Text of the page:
OPINION - Salt Bae, the hype king who brought us the £1400 steak, is finished in London – I'm calling it

There was a time when Salt Bae wasn’t met with only cynicism. His silly goose-neck salt sprinkling was the meme of the moment and when he arrived in London in 2021, queues to his Knightsbridge restaurant formed quickly, bills in the thousands hit social media, and steaks in glittering gold captured the zeitgeist. David Beckham and Leonardo DiCaprio were among scores of celebs to tuck in.

But for all the seasoned fetishism, this Turkish butcher, real name Nusret Gökçe, might have had his day in the sun. A turning point came about at last year’s World Cup in Qatar, when for reasons still unknown, he made his way onto the pitch to celebrate with winners Argentina. Lionel Messi looked visibly annoyed. Only champions and heads of state are supposed to touch the trophy, yet Salt Bae got his burger-slapping fingers on it and posed for photographs with the stars.

In fact, there has been controversy elsewhere: reports of staff complaints; of staff complaining they had been asked to wait outside his London restaurant to make it look busier – claims that were disputed and settled. And it’s at his site here that his powers appear to be waning. He might have a 28-strong international group, 54m followers on Instagram, and UK sales of £13.6m in 2022 – accounts were filed to Companies House last week – but for how long?

Ventures built on social media hype need to be worthy of the promotion they have cultivated

At Nusr-Et steakhouse in SW1, the heating is being turned off, and lighting limited outside business hours. Early reports said this was down to energy costs, though the restaurant group told this newspaper that it was a sustainability initiative.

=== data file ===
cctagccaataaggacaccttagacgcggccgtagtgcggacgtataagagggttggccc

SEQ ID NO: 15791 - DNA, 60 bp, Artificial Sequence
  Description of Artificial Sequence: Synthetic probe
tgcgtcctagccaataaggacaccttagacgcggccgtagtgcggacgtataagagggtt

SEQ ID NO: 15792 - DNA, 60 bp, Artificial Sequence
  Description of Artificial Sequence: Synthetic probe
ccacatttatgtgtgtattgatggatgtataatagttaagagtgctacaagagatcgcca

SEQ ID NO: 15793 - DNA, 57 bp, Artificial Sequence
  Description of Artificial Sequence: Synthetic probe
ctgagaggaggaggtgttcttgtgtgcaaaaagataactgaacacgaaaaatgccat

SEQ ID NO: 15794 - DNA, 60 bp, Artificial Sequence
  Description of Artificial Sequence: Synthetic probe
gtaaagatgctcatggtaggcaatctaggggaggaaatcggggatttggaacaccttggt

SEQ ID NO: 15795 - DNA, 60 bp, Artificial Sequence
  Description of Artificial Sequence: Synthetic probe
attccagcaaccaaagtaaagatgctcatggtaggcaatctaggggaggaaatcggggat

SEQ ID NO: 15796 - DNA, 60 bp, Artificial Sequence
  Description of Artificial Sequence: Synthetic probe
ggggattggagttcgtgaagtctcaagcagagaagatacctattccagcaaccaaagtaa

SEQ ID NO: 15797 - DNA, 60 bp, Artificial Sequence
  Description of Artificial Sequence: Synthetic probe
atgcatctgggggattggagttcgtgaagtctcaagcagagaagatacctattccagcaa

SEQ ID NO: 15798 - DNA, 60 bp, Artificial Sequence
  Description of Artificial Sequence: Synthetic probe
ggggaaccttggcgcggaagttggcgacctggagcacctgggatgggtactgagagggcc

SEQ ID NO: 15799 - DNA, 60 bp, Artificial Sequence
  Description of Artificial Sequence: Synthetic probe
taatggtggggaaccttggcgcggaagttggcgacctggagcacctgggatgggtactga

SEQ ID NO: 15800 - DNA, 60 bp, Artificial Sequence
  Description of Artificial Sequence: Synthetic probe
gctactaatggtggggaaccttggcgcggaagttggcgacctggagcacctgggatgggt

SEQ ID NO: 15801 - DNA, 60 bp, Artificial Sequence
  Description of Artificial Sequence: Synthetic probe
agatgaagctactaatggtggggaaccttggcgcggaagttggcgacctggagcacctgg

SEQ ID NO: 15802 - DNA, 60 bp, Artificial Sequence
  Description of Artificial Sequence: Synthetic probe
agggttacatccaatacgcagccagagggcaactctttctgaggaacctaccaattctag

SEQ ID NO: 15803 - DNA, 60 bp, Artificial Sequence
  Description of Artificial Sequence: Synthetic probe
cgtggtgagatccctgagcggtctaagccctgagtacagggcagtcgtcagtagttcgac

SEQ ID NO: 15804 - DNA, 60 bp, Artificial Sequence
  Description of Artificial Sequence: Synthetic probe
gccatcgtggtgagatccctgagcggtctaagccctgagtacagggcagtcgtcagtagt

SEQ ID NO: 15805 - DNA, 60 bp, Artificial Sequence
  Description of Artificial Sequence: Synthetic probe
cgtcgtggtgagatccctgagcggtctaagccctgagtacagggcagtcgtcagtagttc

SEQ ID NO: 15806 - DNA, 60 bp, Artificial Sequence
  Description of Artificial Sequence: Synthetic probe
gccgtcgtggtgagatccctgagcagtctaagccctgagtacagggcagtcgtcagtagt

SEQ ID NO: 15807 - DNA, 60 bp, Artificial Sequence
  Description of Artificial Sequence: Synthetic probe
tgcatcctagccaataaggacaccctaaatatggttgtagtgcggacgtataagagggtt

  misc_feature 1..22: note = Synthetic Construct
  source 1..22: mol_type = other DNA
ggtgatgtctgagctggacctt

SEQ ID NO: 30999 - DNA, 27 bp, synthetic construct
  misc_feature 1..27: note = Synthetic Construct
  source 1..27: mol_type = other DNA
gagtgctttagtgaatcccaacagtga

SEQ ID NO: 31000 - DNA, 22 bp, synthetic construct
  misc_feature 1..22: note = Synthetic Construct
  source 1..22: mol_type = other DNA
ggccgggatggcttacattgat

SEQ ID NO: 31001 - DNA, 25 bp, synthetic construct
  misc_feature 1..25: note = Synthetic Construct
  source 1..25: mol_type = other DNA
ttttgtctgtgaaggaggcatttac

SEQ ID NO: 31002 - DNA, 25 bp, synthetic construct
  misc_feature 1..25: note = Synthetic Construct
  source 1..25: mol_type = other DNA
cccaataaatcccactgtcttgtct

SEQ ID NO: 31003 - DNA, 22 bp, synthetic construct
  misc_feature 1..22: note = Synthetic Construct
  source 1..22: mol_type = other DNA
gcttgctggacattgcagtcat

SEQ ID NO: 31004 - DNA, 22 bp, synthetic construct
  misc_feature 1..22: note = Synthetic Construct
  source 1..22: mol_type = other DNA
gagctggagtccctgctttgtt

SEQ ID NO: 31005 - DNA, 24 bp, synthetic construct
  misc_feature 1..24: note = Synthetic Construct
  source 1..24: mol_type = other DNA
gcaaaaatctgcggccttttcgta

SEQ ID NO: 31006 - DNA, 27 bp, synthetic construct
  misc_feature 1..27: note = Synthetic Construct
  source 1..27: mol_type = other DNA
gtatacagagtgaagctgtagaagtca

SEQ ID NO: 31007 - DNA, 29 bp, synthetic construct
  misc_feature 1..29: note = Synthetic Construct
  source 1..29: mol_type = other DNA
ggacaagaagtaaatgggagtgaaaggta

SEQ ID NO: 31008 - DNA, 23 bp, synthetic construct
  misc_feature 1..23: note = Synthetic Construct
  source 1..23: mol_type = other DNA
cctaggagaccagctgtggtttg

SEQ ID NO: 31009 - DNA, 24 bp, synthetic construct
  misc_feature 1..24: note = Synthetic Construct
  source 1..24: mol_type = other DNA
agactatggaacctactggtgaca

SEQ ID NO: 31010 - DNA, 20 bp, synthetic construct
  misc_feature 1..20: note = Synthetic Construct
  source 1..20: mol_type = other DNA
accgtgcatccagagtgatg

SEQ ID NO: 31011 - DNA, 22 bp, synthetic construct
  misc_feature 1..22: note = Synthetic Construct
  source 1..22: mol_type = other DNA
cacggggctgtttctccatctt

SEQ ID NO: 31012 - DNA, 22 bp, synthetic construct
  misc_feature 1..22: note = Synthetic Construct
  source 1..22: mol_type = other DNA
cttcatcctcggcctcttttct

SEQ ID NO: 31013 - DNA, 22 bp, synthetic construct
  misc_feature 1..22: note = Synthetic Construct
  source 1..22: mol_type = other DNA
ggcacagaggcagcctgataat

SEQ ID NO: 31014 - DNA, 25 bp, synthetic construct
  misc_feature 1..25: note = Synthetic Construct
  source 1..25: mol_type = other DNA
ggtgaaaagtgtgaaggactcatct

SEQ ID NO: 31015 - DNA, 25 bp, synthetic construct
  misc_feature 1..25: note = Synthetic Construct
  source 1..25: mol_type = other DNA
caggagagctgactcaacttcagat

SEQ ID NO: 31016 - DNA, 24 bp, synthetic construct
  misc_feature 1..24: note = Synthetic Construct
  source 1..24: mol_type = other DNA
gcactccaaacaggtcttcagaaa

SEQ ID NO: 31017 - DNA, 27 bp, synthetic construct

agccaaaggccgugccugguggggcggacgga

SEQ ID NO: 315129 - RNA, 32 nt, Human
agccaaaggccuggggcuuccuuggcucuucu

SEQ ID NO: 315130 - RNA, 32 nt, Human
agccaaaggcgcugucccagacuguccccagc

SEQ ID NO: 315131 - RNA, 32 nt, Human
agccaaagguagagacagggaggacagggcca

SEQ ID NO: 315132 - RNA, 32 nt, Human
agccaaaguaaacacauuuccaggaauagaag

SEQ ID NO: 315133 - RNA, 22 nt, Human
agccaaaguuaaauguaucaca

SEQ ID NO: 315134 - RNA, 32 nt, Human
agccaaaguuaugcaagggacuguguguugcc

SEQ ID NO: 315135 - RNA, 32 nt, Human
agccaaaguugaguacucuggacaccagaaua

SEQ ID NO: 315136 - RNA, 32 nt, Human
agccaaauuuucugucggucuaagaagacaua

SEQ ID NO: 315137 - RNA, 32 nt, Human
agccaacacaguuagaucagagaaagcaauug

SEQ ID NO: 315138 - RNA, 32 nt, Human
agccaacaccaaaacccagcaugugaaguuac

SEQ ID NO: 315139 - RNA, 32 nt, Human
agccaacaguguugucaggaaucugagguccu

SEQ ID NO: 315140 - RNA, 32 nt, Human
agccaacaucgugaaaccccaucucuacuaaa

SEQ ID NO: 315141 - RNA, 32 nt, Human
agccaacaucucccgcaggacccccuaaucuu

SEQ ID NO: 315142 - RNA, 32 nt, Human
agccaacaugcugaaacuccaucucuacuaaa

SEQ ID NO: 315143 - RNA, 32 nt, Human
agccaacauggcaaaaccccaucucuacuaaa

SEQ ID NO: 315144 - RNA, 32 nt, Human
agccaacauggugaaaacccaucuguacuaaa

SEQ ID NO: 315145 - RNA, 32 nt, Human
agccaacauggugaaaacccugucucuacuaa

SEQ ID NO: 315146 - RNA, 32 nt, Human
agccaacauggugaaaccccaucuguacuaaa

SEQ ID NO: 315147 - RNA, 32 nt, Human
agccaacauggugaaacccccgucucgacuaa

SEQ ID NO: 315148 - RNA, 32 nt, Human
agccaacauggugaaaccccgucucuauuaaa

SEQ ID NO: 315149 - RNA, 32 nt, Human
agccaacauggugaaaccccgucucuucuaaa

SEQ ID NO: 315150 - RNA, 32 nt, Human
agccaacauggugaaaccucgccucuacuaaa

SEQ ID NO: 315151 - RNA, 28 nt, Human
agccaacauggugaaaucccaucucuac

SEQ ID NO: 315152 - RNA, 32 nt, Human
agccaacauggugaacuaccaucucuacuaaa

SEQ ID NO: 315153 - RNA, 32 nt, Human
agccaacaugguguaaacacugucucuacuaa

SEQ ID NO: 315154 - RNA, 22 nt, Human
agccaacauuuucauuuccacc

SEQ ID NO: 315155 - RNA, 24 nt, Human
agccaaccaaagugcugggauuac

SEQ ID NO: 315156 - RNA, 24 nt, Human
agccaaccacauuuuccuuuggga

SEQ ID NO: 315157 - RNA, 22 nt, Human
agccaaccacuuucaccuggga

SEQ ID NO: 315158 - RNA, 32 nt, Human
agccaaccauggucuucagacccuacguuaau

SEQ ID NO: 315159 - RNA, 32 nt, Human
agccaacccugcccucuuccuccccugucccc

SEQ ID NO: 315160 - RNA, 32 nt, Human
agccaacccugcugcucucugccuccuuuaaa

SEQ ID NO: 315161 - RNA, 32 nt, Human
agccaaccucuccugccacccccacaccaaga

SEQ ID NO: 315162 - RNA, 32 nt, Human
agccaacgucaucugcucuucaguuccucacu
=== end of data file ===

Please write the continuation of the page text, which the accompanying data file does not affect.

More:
Gold leaf, Salt Bae’s most eye-catching topping, has not been flopped onto steaks in London for well over a year. And those celebs? The restaurant hardly knew 'em.

Ventures built on social media hype need to be worthy of the promotion they have cultivated. Nusr-Et is a meat empire built almost entirely on a small, tanned, muscular man curling his lip, slicing a steak, and then sprinkling it generously with sea salt. This is a proposition for the frippery of Cannes and Dubai, but London?

Last year, Standard food critic David Ellis went to review Salt Bae’s new £39 menu – itself another possible sign that customers were not as abundant as before – and found it wholly wanting. His wagyu steak “tastes like the beef you’d find in a van outside the footy,” wrote Ellis.

You might consider the cost-of-living crisis, but Salt Bae’s proposition has never been for those looking for cheap eats. Quite the contrary. And besides, there are plenty of people around with money to spend on good steak. Those in doubt might observe the fact the Salt Bae’s New York burger joint closed last year.

So here I am proclaiming the beginning of the end for Salt Bae. His inevitable demise, at least here in London. Diners will always jump on the meme wagon but, like even the most popular meme, it will soon only be just a tired memory of a golden time. Beef, you see, has a sell by date, however much it’s salted.

Josh Barrie is a food and drink writer